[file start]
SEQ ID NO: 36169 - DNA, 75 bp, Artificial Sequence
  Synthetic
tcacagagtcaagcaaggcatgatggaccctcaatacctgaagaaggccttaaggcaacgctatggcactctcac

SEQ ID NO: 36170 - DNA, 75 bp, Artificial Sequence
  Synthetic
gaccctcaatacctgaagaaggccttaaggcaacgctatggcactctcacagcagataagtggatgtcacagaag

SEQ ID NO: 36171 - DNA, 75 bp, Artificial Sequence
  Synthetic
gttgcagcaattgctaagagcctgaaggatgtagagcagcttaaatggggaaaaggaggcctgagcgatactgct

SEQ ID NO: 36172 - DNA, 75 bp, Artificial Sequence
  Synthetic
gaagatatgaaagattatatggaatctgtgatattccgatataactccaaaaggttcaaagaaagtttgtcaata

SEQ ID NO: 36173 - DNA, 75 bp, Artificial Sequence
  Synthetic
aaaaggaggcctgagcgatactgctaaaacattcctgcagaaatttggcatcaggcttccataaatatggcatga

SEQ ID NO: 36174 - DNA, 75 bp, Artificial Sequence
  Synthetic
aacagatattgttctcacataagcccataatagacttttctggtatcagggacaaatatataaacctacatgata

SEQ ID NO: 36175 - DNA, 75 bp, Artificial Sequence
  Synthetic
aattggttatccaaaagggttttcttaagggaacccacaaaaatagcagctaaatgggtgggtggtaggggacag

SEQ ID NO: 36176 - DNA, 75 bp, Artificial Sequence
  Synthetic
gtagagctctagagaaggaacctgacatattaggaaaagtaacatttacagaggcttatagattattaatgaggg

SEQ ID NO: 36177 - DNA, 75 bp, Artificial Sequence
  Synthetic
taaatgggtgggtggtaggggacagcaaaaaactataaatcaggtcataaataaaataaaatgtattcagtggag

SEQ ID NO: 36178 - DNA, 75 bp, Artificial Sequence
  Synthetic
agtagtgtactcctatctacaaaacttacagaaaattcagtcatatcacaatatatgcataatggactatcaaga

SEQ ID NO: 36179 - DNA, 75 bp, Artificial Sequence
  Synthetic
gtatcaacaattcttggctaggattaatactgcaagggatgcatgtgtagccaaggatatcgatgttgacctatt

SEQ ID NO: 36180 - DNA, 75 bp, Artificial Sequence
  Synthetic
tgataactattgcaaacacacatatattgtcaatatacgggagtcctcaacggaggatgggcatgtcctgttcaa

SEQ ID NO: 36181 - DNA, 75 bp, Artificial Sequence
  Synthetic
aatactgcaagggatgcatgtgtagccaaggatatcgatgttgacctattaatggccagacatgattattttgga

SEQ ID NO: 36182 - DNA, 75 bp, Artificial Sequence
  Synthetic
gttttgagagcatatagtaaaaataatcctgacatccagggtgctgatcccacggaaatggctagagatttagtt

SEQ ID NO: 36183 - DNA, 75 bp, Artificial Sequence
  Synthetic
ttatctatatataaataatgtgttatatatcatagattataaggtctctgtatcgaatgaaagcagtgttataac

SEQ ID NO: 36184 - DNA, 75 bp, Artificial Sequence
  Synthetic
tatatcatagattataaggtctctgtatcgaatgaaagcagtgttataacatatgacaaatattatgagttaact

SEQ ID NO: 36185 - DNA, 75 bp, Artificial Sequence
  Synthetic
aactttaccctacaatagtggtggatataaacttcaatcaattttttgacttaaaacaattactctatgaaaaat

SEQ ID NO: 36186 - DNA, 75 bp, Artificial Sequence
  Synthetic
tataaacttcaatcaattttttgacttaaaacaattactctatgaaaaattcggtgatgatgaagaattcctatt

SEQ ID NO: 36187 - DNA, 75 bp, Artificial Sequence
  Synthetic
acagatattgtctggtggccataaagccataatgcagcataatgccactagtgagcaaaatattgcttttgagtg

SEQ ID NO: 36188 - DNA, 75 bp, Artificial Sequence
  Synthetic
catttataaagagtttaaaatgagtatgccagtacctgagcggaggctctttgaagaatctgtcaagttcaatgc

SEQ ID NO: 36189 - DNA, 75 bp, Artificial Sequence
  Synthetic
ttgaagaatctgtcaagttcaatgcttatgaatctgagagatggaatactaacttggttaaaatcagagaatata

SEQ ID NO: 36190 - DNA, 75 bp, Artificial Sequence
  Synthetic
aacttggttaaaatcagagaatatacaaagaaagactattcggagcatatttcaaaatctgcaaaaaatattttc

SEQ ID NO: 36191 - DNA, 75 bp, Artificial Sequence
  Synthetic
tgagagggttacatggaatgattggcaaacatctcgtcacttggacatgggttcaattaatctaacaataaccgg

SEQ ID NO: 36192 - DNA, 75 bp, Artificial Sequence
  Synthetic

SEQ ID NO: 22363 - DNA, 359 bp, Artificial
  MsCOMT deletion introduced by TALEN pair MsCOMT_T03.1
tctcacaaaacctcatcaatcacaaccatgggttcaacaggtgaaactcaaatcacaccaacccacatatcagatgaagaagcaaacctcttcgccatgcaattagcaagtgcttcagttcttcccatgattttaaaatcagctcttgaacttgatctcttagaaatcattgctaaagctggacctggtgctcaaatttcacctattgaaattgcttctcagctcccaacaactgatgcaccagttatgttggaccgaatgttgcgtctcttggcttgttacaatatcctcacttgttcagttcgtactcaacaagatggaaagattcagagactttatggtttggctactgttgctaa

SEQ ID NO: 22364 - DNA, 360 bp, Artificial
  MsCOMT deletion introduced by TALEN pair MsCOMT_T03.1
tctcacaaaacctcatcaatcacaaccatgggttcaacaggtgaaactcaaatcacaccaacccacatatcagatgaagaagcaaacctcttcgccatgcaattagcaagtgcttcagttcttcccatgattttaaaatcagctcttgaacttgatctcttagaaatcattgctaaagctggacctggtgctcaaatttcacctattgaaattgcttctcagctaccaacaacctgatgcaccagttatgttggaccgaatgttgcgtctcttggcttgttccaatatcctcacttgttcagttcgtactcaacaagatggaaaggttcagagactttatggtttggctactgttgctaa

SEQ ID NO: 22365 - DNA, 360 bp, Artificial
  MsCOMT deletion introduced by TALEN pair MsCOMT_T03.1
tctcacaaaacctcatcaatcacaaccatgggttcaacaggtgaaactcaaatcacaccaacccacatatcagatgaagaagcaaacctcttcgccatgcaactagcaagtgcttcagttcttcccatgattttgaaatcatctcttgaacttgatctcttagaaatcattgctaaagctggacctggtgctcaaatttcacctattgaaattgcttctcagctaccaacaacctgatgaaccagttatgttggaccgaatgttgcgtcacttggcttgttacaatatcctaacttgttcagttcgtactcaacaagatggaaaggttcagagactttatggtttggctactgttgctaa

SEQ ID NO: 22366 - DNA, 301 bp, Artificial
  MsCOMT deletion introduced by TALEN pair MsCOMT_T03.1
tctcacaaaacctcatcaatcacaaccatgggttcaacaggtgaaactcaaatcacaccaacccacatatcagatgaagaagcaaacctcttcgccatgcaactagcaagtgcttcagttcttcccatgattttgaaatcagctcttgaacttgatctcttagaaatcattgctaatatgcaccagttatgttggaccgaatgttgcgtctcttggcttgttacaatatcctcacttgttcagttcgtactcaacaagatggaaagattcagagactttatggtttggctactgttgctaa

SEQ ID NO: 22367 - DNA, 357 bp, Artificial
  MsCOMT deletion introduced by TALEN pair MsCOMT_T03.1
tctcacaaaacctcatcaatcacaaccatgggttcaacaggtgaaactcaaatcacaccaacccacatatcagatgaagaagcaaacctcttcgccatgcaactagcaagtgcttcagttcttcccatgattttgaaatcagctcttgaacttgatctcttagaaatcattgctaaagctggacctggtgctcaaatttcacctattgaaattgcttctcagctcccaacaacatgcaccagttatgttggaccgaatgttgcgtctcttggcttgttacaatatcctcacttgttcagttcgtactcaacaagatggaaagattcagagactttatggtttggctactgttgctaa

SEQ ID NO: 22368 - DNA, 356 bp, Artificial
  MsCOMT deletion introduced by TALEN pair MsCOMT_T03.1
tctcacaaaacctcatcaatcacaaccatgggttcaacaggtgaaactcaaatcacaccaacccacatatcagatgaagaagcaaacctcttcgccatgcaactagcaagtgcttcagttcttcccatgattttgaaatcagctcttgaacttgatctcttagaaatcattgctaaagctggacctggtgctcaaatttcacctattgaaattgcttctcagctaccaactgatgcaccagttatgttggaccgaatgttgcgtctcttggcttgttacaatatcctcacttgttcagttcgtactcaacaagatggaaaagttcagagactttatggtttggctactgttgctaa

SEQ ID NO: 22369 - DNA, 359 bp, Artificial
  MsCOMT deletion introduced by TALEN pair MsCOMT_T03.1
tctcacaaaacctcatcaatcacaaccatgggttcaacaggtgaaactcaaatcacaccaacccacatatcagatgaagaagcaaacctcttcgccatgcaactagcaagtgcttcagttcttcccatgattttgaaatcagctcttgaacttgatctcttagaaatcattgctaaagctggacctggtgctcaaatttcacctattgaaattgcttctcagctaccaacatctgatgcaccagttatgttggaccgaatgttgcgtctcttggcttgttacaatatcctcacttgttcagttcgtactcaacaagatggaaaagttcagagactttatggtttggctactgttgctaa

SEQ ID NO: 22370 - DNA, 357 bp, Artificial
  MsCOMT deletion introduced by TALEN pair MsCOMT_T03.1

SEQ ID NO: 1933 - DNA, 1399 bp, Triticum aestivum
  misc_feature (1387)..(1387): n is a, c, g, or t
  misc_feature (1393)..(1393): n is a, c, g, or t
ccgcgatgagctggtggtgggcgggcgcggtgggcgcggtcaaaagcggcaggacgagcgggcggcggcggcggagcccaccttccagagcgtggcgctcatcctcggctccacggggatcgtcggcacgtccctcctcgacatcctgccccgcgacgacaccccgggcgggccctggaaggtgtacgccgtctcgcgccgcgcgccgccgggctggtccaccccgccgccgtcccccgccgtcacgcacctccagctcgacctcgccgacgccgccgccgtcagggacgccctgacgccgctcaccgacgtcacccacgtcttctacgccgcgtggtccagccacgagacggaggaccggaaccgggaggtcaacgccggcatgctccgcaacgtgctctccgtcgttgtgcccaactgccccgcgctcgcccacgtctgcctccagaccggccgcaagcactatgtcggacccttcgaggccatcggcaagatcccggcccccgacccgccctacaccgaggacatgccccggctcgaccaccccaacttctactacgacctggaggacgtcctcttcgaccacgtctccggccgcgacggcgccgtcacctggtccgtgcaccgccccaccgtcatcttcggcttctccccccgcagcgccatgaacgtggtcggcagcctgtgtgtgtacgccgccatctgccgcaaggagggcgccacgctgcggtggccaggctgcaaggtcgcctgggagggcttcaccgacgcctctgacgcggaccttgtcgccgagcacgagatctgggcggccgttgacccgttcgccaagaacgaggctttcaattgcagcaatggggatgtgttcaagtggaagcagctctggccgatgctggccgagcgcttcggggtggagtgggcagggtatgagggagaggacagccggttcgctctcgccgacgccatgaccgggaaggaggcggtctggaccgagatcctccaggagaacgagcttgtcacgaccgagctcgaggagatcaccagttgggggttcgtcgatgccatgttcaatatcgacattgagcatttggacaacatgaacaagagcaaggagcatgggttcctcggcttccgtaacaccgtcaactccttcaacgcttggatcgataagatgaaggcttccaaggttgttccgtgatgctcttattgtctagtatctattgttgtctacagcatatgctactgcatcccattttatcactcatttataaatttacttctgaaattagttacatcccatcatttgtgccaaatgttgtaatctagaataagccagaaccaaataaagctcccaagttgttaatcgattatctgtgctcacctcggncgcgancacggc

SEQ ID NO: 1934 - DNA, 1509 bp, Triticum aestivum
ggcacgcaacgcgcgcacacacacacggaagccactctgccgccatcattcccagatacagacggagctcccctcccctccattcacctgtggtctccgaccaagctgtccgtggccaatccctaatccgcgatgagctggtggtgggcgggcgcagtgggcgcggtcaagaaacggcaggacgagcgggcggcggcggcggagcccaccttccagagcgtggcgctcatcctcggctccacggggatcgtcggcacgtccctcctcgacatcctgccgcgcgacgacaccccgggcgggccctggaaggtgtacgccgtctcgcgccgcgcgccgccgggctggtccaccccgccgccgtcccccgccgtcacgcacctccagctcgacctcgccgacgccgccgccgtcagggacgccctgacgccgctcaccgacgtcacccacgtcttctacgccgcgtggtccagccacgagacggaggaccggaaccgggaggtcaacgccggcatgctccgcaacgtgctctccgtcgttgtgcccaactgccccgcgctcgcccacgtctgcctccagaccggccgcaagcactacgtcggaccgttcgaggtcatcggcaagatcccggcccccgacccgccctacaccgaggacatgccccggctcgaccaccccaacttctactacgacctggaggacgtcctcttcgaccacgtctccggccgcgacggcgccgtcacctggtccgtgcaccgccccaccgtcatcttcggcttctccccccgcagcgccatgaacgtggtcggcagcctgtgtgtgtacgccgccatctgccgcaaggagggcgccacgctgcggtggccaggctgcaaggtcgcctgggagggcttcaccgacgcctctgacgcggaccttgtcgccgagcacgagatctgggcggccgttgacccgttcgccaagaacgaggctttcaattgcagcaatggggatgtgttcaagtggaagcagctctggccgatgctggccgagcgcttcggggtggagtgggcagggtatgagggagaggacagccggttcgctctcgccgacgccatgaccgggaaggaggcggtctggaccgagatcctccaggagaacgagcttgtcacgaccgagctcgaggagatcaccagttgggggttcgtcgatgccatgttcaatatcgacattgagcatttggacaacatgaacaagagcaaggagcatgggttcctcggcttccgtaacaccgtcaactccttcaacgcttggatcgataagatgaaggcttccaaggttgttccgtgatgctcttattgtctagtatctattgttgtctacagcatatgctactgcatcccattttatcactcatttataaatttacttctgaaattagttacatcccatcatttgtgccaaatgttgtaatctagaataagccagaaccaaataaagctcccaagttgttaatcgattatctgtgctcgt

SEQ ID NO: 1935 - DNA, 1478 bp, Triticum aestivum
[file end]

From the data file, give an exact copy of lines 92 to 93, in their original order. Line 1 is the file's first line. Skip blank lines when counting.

tctcacaaaacctcatcaatcacaaccatgggttcaacaggtgaaactcaaatcacaccaacccacatatcagatgaagaagcaaacctcttcgccatgcaactagcaagtgcttcagttcttcccatgattttgaaatcagctcttgaacttgatctcttagaaatcattgctaaagctggacctggtgctcaaatttcacctattgaaattgcttctcagctaccaacatctgatgcaccagttatgttggaccgaatgttgcgtctcttggcttgttacaatatcctcacttgttcagttcgtactcaacaagatggaaaagttcagagactttatggtttggctactgttgctaa

SEQ ID NO: 22370 - DNA, 357 bp, Artificial